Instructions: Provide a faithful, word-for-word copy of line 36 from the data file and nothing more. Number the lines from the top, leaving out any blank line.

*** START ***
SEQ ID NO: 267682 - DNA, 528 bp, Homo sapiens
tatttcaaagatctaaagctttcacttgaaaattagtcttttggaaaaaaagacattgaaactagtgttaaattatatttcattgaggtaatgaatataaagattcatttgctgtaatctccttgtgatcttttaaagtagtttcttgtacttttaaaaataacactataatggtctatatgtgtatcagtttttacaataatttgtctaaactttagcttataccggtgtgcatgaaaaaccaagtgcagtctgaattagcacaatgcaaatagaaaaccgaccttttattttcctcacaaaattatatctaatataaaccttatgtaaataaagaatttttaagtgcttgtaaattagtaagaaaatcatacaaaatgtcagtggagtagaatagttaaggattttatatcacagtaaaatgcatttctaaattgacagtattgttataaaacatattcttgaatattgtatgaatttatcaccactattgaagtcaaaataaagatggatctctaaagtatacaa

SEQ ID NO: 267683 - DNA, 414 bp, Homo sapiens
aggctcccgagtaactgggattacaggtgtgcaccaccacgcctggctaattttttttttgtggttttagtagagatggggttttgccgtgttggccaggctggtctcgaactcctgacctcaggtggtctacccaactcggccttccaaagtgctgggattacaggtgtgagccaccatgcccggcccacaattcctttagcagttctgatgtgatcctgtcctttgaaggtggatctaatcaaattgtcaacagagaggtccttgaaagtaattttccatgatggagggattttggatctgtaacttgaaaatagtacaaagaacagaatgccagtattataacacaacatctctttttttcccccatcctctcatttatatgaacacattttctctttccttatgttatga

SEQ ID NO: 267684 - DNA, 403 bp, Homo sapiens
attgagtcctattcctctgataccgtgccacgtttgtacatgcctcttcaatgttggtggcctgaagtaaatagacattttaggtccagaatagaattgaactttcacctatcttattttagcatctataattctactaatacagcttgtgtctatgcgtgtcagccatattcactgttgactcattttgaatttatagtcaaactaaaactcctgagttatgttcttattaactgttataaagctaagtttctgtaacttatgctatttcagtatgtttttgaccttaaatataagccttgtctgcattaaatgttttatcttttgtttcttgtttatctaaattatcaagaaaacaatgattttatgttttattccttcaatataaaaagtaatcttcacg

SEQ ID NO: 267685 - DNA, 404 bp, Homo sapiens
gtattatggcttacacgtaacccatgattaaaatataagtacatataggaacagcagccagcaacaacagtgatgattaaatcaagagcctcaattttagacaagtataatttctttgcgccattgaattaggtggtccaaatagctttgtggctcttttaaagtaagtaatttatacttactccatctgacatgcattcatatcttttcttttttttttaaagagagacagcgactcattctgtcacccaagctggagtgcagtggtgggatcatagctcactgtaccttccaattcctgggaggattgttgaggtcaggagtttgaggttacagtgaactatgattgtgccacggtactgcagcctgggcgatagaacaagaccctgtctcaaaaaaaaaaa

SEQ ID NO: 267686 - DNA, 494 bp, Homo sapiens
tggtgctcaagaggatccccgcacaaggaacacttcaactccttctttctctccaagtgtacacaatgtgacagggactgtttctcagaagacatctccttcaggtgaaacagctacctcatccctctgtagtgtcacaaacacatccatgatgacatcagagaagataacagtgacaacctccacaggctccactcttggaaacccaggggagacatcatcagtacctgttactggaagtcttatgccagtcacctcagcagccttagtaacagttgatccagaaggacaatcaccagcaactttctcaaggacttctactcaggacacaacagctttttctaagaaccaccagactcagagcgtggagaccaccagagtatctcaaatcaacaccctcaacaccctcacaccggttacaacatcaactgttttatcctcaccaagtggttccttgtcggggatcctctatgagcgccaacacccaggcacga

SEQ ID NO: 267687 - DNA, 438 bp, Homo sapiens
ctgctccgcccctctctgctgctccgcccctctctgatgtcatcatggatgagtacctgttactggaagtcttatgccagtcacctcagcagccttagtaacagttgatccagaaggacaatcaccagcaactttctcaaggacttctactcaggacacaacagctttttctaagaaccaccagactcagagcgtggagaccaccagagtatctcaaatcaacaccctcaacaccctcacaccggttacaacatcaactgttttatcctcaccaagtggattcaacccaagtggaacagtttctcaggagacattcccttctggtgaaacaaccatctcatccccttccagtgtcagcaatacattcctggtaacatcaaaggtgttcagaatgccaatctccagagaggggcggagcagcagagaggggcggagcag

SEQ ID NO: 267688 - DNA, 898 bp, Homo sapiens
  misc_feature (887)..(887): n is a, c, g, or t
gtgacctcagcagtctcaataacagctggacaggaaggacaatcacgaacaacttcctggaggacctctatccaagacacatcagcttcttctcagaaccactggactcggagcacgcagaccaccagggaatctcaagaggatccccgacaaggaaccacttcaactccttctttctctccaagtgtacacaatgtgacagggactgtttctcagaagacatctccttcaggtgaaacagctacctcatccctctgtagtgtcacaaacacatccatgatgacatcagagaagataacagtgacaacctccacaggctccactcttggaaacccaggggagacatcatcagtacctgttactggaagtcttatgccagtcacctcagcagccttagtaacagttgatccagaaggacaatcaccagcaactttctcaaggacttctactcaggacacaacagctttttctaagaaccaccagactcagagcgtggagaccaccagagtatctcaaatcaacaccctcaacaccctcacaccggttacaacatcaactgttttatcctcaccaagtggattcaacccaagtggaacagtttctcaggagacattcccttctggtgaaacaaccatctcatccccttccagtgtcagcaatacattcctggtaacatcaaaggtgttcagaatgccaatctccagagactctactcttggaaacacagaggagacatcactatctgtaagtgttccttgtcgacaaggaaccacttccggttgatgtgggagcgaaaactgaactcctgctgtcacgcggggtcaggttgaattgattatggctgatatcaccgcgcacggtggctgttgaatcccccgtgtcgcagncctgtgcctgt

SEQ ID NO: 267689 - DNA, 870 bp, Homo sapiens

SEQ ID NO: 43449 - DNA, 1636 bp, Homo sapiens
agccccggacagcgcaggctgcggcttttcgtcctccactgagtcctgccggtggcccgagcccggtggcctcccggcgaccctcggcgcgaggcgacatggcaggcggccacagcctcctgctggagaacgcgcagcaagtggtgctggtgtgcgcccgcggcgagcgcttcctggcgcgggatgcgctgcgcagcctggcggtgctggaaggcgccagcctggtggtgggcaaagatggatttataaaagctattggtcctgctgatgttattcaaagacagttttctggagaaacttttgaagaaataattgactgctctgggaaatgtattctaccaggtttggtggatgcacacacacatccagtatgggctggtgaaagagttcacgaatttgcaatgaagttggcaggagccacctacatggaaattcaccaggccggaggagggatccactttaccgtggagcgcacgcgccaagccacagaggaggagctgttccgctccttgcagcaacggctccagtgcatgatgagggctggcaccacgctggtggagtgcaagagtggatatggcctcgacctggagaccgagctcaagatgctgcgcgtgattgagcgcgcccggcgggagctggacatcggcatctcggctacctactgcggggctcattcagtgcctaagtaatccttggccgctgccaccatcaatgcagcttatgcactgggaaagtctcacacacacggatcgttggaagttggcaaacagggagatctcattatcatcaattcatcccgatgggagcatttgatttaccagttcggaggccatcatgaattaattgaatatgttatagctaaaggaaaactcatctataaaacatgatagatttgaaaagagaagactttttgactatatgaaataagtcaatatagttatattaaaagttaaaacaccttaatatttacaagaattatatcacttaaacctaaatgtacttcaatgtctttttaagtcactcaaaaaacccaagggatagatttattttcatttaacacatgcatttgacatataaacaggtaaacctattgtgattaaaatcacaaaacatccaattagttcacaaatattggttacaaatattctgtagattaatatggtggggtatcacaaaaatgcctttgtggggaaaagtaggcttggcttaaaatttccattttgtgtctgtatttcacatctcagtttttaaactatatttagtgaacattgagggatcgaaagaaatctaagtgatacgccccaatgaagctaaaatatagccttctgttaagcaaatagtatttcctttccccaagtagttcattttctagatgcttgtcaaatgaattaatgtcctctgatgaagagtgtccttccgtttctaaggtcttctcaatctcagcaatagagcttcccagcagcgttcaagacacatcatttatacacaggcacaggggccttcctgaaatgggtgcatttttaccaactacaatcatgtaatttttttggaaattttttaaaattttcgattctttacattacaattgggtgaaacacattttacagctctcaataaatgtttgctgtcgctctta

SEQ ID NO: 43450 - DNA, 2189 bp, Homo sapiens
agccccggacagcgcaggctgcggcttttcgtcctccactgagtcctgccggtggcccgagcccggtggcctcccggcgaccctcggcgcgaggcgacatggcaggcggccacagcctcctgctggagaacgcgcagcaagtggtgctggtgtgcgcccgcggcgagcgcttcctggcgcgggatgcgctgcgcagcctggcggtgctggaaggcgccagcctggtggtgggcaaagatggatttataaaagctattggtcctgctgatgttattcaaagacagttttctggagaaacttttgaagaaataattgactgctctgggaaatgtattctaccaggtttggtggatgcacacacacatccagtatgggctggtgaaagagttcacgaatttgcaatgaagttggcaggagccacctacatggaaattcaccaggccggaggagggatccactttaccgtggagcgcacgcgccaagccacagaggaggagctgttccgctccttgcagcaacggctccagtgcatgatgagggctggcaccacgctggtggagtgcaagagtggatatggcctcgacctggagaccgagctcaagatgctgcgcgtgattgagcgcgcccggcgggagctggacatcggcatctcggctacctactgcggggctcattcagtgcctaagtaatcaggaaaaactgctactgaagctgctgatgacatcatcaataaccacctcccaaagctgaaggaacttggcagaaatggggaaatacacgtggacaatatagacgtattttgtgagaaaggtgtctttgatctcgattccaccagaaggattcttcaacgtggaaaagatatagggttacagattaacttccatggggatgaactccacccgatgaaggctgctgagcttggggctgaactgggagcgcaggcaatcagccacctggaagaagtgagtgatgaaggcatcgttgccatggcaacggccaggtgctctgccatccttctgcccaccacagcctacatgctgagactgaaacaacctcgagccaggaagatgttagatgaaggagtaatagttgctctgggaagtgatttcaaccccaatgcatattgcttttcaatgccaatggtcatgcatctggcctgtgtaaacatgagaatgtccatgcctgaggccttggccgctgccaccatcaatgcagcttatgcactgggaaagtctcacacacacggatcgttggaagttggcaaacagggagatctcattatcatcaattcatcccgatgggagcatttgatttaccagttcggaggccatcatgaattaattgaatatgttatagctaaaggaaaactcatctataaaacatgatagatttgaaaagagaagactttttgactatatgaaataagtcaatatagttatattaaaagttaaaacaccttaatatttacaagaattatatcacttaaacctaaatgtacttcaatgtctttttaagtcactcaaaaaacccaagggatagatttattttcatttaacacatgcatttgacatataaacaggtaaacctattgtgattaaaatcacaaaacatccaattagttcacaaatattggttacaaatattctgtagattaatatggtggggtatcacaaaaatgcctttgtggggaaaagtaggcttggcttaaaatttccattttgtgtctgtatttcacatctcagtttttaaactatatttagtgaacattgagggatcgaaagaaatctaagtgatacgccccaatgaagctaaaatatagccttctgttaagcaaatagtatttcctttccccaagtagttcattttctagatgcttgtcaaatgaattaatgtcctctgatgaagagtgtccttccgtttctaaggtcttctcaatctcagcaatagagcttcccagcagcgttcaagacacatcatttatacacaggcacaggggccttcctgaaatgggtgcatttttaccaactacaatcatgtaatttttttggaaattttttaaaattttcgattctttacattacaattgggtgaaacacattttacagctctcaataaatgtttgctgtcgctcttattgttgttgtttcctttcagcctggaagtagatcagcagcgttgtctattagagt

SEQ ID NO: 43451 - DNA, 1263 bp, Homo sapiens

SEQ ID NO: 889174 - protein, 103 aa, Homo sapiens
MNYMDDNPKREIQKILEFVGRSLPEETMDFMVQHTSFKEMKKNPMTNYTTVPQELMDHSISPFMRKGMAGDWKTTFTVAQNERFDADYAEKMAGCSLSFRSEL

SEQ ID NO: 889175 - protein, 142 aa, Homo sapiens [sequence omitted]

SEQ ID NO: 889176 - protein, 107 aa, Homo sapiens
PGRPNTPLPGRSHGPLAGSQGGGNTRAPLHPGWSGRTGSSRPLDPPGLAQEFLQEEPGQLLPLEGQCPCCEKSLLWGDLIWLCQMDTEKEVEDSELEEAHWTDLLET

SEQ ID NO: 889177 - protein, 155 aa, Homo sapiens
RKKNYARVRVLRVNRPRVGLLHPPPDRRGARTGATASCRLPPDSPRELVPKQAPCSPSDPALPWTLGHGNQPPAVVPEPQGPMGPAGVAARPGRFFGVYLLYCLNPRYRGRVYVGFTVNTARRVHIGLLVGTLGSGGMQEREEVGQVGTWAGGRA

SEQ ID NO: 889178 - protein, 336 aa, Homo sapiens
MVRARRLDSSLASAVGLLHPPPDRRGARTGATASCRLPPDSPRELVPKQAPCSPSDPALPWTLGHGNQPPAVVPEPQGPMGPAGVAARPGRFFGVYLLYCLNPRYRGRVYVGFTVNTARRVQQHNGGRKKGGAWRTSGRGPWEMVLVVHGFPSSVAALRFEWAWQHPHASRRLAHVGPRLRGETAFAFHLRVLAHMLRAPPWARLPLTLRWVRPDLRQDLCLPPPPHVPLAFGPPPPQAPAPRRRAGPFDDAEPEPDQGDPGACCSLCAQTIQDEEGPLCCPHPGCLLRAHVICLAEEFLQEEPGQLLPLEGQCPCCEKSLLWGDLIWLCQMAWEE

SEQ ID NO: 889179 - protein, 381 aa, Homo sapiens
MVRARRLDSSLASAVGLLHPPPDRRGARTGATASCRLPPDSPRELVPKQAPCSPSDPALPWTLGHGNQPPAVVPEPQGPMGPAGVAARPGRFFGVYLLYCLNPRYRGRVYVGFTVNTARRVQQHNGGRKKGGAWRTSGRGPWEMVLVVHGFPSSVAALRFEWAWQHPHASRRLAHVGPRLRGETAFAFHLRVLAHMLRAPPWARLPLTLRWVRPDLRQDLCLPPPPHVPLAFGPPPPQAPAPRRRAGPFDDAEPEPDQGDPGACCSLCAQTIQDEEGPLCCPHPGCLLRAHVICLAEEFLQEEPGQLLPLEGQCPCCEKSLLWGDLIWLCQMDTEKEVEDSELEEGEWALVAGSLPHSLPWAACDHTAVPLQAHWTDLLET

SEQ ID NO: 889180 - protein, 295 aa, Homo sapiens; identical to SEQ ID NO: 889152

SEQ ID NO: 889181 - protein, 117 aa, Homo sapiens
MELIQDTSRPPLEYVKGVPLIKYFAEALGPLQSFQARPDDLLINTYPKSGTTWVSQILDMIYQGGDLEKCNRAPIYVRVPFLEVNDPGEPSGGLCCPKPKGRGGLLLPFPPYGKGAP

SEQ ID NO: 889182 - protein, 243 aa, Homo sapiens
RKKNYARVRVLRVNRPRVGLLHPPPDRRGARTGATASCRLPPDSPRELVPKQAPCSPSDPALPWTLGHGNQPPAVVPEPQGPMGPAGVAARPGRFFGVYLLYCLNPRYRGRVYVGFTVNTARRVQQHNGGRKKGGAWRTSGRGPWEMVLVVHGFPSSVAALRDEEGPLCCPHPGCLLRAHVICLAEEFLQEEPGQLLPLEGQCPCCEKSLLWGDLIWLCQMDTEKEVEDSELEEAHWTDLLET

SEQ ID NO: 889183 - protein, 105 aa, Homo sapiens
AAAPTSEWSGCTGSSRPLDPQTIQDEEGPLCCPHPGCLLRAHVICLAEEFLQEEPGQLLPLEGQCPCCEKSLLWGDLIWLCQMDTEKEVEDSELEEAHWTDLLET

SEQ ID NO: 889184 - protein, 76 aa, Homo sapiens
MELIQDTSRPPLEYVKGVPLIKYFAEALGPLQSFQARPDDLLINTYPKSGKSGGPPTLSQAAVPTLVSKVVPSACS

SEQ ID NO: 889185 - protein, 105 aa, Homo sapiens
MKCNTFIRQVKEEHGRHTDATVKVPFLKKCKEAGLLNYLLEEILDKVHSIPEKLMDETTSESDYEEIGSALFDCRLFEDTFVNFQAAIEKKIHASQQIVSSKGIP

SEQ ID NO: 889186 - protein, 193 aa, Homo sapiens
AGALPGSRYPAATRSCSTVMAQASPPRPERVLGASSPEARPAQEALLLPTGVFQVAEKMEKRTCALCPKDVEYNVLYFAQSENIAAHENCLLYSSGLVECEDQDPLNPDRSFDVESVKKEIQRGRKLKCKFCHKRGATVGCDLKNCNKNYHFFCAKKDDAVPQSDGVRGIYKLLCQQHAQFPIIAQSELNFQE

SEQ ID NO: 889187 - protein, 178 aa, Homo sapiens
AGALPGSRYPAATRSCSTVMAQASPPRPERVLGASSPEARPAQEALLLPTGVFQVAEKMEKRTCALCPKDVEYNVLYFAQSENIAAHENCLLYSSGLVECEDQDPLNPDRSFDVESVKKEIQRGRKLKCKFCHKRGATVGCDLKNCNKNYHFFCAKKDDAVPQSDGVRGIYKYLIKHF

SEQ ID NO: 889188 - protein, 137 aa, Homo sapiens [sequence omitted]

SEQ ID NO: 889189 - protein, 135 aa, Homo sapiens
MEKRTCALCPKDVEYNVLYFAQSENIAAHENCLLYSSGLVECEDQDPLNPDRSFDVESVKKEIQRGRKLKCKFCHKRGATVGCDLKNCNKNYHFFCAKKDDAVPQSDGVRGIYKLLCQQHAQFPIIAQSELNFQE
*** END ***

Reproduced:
SEQ ID NO: 889182 - protein, 243 aa, Homo sapiens